11 Responses

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  1. Lisa
    Lisa at |

    Very interesting post. I’m nut-allergic and watch them intently when they make my drinks as there are nutty syrups that could mistakenly be put in mine. Incidently, I’ve just asked Starbucks about their hot chocolate/Mocha and whether they are suitable for vegetarians – this is due to some chocolate drinks (MacDonalds for one) that could contain animal rennet. Starbucks replied saying that they can not confirm what is in their drinks (?!?!) so they advise I don’t drink them!

  2. Linda
    Linda at |

    Starbucks is one of the places I would NEVER suggest an allergic person eat. There are nuts in their pastries which are all sitting together in the display case. When they heat them up, they use the same tongs to pick everything up and put it in an oven to heat where other things have been placed.

  3. Jessica Martin
    Jessica Martin at |

    Thank you for this thoughtful post! My son has life-threatening food allergies and I’m intolerant to dairy. I always get a dairy alternative when visiting coffee shops (usually not Starbucks because I prefer rice or coconut milk over soy). Personally, I’m fine with cross-contamination, but because of my son, I watch what they do. As you’ve shared, it is definitely NOT safe for those with true IgE allergies. I’ve been tempted to “educate” or “ask” if they are allergy aware, but there is usually a line behind me. The few times I’ve asked, it was clear the baristas did not understand cross-contamination :(. Awareness in the food industry has a long way to go based on my experiences!

  4. Charlotte
    Charlotte at |

    That doesn’t surprise me, when I go to Starbucks or costa (uk) due to my sons dairy allergy I always order soy drinks, but then see them heat the milk on the same nozzle thing they do with normal milk, even when the machine has another one not being used. All they do is give it a wipe down with a grotty dirty cloth! I mentioned it last time I went in and the barista said she agreed it did seen stupid. Not a worry for me so much but just wouldn’t trust them if I did have an allergy!

  5. Sherry
    Sherry at |

    I’ve always thought that Starbucks is extremely risky for someone with allergies. If we go my PA daughter gets a banana and a boxed vanilla milk. I’ve called corporate and they were able to verify that the vanilla milk is made in a peanut/treenut free factory. They could not do the same for the chocolate milk and recommended that we avoid it. I would never dream of letting my daughter order a drink from them. Cross-contamination EVERYWHERE. I’ve also been really disappointed that they can’t carry one single pre-packaged snack that is allergy friendly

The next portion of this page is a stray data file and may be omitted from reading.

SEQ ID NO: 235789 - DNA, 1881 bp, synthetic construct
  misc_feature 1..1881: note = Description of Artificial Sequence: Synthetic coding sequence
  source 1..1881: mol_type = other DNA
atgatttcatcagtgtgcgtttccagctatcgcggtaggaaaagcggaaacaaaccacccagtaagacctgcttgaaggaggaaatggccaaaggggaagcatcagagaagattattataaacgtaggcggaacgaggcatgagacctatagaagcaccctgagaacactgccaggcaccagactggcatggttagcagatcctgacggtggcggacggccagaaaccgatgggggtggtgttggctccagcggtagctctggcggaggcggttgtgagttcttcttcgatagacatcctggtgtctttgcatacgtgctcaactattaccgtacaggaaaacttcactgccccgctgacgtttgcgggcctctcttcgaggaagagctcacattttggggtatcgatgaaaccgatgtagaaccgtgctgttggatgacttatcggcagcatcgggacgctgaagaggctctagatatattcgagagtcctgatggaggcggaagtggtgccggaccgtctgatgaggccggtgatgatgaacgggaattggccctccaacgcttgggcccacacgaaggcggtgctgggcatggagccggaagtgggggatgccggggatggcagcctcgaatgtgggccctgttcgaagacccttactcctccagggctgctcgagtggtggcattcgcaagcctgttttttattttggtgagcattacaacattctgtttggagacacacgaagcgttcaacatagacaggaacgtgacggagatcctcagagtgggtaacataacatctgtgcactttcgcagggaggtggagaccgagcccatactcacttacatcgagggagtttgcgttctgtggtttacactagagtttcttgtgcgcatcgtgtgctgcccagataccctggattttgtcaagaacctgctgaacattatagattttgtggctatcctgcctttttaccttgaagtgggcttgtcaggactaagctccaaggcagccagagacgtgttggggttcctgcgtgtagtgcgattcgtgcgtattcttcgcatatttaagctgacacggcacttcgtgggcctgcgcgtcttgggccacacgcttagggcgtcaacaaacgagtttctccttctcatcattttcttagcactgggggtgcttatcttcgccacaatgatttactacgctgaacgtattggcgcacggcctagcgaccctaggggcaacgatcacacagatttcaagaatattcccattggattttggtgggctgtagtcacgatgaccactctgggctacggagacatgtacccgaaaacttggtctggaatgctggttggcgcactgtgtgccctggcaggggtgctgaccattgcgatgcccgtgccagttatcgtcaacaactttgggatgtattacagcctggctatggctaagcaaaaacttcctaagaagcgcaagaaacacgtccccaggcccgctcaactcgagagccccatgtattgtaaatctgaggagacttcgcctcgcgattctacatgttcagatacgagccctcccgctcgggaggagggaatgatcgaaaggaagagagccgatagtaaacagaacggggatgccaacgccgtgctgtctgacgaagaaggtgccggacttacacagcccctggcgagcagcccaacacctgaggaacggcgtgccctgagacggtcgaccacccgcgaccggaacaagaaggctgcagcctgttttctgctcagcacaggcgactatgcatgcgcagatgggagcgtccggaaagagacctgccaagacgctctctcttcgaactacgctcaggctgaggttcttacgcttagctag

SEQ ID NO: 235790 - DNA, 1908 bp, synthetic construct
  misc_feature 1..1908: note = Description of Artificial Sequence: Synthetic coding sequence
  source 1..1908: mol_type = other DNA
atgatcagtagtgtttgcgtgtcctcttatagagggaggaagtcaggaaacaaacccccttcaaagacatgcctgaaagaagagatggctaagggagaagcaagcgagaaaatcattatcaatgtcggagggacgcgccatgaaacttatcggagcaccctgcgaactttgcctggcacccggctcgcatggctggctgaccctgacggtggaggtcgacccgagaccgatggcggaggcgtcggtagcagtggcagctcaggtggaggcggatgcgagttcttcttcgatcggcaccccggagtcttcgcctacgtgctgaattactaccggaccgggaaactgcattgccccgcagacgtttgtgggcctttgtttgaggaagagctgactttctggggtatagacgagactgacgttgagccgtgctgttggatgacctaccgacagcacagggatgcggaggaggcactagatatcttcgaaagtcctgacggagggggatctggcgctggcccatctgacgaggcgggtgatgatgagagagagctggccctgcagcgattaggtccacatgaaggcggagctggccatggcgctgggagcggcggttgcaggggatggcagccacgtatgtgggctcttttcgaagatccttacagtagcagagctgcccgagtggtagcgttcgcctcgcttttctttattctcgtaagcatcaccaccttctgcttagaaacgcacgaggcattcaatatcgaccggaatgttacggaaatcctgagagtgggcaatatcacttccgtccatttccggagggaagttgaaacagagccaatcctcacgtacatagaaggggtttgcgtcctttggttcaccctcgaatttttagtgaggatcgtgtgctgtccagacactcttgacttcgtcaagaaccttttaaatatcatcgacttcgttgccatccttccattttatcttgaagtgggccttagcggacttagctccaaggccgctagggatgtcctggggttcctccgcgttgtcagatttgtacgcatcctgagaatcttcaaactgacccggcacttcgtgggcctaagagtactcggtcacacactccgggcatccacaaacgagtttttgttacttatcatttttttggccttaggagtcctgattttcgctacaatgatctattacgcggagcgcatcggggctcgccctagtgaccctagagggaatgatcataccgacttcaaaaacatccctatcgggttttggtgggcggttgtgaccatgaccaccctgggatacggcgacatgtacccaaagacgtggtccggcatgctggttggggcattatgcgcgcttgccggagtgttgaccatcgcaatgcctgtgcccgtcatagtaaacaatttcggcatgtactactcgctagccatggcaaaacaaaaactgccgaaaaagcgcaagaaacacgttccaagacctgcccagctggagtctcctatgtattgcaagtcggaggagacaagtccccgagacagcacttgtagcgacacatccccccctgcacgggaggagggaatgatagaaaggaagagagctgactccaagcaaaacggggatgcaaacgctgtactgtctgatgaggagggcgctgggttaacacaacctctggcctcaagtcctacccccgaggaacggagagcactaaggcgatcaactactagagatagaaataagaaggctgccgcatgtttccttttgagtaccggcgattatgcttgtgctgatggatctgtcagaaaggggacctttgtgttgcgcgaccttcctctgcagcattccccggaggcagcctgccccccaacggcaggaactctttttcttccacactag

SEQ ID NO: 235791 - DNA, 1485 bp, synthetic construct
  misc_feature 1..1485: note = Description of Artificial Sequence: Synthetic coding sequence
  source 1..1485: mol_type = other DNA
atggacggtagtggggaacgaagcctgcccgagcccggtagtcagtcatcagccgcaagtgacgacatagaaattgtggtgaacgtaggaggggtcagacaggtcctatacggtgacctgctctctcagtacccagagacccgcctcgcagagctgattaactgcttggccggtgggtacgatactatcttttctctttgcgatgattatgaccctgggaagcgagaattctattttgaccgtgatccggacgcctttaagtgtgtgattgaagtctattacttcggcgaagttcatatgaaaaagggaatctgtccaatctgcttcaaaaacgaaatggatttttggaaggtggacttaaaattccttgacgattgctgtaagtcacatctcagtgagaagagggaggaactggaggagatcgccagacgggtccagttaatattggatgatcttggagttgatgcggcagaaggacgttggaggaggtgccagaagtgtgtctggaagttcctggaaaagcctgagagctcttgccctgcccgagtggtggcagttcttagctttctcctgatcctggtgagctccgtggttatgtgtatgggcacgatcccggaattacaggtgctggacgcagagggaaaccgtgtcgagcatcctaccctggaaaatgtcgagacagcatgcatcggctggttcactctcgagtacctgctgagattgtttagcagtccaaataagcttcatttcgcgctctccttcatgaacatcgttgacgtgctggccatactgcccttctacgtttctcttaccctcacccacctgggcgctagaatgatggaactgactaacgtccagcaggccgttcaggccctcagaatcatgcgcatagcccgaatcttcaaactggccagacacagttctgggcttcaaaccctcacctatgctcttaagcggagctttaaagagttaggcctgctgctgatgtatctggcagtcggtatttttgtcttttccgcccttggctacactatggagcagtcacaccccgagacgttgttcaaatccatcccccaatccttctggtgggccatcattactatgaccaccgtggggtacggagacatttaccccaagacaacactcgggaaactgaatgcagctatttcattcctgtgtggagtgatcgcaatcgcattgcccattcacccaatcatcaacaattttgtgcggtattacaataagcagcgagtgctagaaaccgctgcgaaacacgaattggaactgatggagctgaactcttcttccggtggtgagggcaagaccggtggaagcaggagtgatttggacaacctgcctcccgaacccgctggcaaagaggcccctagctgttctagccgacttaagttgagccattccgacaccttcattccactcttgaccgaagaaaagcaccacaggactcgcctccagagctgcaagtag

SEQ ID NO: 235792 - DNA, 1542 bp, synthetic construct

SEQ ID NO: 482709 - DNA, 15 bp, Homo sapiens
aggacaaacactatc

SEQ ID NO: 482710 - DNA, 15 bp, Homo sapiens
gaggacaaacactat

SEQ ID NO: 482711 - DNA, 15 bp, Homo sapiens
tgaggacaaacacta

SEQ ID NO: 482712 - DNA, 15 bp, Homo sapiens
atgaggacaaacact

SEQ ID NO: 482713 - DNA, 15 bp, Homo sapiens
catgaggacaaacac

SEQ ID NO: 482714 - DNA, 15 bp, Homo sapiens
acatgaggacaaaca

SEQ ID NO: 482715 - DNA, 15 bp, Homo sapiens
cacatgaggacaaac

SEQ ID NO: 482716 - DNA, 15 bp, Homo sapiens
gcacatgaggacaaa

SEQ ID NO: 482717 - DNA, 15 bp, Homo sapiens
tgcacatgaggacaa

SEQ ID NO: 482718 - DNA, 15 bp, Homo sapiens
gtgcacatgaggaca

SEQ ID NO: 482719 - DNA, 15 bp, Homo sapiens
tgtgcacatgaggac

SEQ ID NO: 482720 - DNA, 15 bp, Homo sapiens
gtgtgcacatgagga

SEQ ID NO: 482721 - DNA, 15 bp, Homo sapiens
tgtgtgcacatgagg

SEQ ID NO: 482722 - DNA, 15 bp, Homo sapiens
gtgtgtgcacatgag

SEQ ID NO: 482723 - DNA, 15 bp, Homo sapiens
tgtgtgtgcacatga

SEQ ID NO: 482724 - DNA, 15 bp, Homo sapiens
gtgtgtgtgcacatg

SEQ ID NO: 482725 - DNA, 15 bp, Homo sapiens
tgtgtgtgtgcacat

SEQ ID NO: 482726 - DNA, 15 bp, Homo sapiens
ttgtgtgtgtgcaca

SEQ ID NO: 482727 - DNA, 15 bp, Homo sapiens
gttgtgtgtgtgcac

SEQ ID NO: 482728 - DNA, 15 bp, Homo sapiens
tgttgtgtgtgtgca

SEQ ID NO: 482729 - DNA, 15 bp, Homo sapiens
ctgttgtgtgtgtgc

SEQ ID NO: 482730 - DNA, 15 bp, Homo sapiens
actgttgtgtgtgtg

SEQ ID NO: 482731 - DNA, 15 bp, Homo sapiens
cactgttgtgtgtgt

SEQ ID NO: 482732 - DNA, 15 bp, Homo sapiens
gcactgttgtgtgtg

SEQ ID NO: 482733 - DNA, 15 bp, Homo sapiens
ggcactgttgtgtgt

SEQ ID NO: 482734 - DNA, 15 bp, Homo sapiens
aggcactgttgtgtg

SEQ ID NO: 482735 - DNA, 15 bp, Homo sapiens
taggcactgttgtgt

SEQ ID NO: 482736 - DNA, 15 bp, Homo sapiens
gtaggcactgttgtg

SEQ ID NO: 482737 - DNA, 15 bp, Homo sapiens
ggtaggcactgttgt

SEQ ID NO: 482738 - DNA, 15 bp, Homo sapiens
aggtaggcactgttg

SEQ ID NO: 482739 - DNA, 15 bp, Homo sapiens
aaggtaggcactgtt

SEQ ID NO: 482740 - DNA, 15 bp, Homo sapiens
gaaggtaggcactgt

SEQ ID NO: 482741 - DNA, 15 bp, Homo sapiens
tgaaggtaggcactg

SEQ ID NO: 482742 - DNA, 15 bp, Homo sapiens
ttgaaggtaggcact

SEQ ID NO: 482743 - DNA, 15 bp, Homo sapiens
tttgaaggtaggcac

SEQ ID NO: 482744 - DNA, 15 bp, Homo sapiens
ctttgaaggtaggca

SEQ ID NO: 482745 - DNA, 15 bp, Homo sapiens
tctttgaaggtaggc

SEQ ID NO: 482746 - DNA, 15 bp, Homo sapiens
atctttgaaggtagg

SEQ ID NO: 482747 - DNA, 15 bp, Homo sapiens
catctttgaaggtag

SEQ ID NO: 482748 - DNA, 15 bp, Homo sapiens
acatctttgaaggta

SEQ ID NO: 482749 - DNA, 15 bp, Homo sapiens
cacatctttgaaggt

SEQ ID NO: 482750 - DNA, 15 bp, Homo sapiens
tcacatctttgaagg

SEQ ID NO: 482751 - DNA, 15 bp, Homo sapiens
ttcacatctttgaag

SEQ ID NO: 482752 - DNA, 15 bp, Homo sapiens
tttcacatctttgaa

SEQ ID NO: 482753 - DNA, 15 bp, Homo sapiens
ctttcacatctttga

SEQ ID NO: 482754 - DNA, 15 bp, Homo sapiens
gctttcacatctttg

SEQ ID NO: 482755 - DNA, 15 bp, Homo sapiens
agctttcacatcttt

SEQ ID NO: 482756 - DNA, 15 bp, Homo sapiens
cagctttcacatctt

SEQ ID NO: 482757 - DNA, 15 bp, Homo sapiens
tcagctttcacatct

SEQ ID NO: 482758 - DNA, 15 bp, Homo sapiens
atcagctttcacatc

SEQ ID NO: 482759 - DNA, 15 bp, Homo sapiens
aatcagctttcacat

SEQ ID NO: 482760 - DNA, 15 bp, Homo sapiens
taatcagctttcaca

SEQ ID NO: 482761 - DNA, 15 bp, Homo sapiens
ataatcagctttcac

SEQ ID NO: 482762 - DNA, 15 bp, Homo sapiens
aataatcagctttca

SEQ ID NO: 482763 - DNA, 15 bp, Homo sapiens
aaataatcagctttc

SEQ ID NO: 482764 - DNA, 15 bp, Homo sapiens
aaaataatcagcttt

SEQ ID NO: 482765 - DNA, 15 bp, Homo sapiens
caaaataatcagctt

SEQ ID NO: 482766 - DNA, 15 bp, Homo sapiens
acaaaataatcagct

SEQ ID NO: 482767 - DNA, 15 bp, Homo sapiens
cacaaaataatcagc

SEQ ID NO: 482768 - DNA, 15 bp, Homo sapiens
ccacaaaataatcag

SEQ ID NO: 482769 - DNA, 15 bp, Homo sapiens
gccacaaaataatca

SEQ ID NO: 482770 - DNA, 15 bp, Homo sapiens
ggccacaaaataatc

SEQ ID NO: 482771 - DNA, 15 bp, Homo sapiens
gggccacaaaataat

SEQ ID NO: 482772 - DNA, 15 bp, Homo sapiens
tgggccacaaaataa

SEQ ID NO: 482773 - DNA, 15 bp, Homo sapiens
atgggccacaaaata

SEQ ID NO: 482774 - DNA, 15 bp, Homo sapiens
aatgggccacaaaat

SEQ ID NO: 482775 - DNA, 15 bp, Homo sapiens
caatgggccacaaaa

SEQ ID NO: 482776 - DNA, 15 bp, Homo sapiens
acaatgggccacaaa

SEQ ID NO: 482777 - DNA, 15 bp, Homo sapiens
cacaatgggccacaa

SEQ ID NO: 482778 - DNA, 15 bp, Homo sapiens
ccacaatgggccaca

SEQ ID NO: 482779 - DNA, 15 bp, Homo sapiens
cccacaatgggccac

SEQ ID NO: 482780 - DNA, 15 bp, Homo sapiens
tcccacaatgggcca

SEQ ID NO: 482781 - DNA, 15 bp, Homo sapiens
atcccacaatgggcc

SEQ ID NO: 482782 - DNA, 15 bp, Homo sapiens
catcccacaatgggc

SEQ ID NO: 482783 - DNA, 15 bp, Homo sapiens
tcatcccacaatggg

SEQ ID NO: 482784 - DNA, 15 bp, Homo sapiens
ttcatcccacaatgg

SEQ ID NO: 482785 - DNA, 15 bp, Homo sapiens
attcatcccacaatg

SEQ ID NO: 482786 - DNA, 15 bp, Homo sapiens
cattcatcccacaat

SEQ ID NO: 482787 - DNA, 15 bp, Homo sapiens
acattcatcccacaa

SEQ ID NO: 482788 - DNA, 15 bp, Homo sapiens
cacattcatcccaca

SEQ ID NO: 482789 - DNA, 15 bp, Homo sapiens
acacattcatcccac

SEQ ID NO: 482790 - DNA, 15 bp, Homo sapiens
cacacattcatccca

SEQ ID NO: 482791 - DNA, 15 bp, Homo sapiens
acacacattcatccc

6. Heather
    Heather at |

    To those with a gluten allergy or with celiac — beware that the mocha powder is manufactured on the same machinery as gluten. I got very ill after having a hot chocolate.

  7. Heather
    Heather at |

    This is good information, yes, but one of those warnings where my first reaction is “who thought it was safe in the first place?”. You can clearly see they have nut, dairy etc items interspersed with everything else, so I would just assume it wasn’t safe in the first place and avoid it!

  8. Ruth
    Ruth at |

    After several trusting forays into the world of gourmet coffees (Starbuck’s and Tim Horton’s) and several bad reactions, I decided it was not worth tickling the tastebuds. In essence, I was throwing my money down the drain (literally). I have learned to copycat my favourite flavours and make them at home. Still working on French Vanilla, but my coffees are cheaper and taste just as good. True, I do not get the thrill of feeling special by having someone wait on me, but I figure my health is just too high a price to pay.

  9. susan
    susan at |

    Thanks for this info. Starbucks is a money maker. They don’t even make really good coffee – yes, in comparison with other chain coffee it’s good, but only so. Also, their Lattes are cheaply made and full of fluffy, not creamy, froth. Last I bought one – four years ago – it was so light that I had to laugh – and went back with the “barista” looking baffled that I would complain about the Starbucks quality. Their many other drinks are nothing but syrup and glucose. Go to an independent, local, cafe and you can make friends with them so that they know about your allergies and take care of you.

  10. Jenna
    Jenna at |

    I wanted to say that I myself was a victim of an allergic reaction from the negligence if Starbucks. I always get a green tea frappuccino with soy milk and no whip cream. I went through the drive trough and told the barista my order and explained I was allergic. I was at the drive through for 5 minutes and the girl handed me my drink out the window and say “don’t worry about it”. I didn’t have to pay and that should have been my first clue. I just thought it was a customer service thing where I had been waiting so long. I took two sips and the drink just didn’t taste right. After looking through the drink it looks at those cream was put on the top then scooped out. Had the barista had told me, it could have saved me from having an anaphylactic reaction two hours later that put me in the hospital.

  11. Mary
    Mary at |

    It’s eggnog season at the coffee shops if you’re dealing with egg allergy. It’s difficult to clean the nozzle that releases steam into the milk or eggnog or soy drink since the liquid gets cooked right onto the nozzle as it heats up. The same nozzle gets used for various drinks. Then there are the nut syrups they add to drinks. I would only buy pre-packaged, ingredient -labelled food/drinks, such as juice at such places.

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